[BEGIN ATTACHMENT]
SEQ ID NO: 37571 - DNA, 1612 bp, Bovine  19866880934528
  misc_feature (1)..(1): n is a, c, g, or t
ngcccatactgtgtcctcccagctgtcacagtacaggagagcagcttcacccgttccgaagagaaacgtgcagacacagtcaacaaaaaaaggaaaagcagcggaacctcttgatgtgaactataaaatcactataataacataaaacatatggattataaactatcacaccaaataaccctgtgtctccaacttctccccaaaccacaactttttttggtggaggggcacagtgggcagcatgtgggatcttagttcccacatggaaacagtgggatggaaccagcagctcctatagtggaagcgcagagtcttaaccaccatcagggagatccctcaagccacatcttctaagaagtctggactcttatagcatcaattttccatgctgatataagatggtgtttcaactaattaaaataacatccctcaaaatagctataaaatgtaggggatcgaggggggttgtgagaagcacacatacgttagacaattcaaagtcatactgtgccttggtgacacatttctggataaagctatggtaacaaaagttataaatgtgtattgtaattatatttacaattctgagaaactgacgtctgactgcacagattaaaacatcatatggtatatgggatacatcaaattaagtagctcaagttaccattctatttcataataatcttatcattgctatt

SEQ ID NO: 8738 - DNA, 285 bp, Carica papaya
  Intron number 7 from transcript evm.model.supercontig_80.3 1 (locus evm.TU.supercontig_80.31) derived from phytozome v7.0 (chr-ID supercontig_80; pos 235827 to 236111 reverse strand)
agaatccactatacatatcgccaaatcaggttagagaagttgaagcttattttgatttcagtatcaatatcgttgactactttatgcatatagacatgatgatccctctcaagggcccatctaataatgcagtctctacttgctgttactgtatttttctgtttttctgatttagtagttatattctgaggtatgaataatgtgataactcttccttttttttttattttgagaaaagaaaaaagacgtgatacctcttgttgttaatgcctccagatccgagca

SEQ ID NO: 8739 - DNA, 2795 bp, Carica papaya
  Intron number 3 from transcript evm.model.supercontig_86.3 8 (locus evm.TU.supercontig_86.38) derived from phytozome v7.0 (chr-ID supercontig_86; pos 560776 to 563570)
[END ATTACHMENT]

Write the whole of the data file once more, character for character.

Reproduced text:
SEQ ID NO: 37571 - DNA, 1612 bp, Bovine  19866880934528
  misc_feature (1)..(1): n is a, c, g, or t
ngcccatactgtgtcctcccagctgtcacagtacaggagagcagcttcacccgttccgaagagaaacgtgcagacacagtcaacaaaaaaaggaaaagcagcggaacctcttgatgtgaactataaaatcactataataacataaaacatatggattataaactatcacaccaaataaccctgtgtctccaacttctccccaaaccacaactttttttggtggaggggcacagtgggcagcatgtgggatcttagttcccacatggaaacagtgggatggaaccagcagctcctatagtggaagcgcagagtcttaaccaccatcagggagatccctcaagccacatcttctaagaagtctggactcttatagcatcaattttccatgctgatataagatggtgtttcaactaattaaaataacatccctcaaaatagctataaaatgtaggggatcgaggggggttgtgagaagcacacatacgttagacaattcaaagtcatactgtgccttggtgacacatttctggataaagctatggtaacaaaagttataaatgtgtattgtaattatatttacaattctgagaaactgacgtctgactgcacagattaaaacatcatatggtatatgggatacatcaaattaagtagctcaagttaccattctatttcataataatcttatcattgctatt

SEQ ID NO: 8738 - DNA, 285 bp, Carica papaya
  Intron number 7 from transcript evm.model.supercontig_80.3 1 (locus evm.TU.supercontig_80.31) derived from phytozome v7.0 (chr-ID supercontig_80; pos 235827 to 236111 reverse strand)
agaatccactatacatatcgccaaatcaggttagagaagttgaagcttattttgatttcagtatcaatatcgttgactactttatgcatatagacatgatgatccctctcaagggcccatctaataatgcagtctctacttgctgttactgtatttttctgtttttctgatttagtagttatattctgaggtatgaataatgtgataactcttccttttttttttattttgagaaaagaaaaaagacgtgatacctcttgttgttaatgcctccagatccgagca

SEQ ID NO: 8739 - DNA, 2795 bp, Carica papaya
  Intron number 3 from transcript evm.model.supercontig_86.3 8 (locus evm.TU.supercontig_86.38) derived from phytozome v7.0 (chr-ID supercontig_86; pos 560776 to 563570)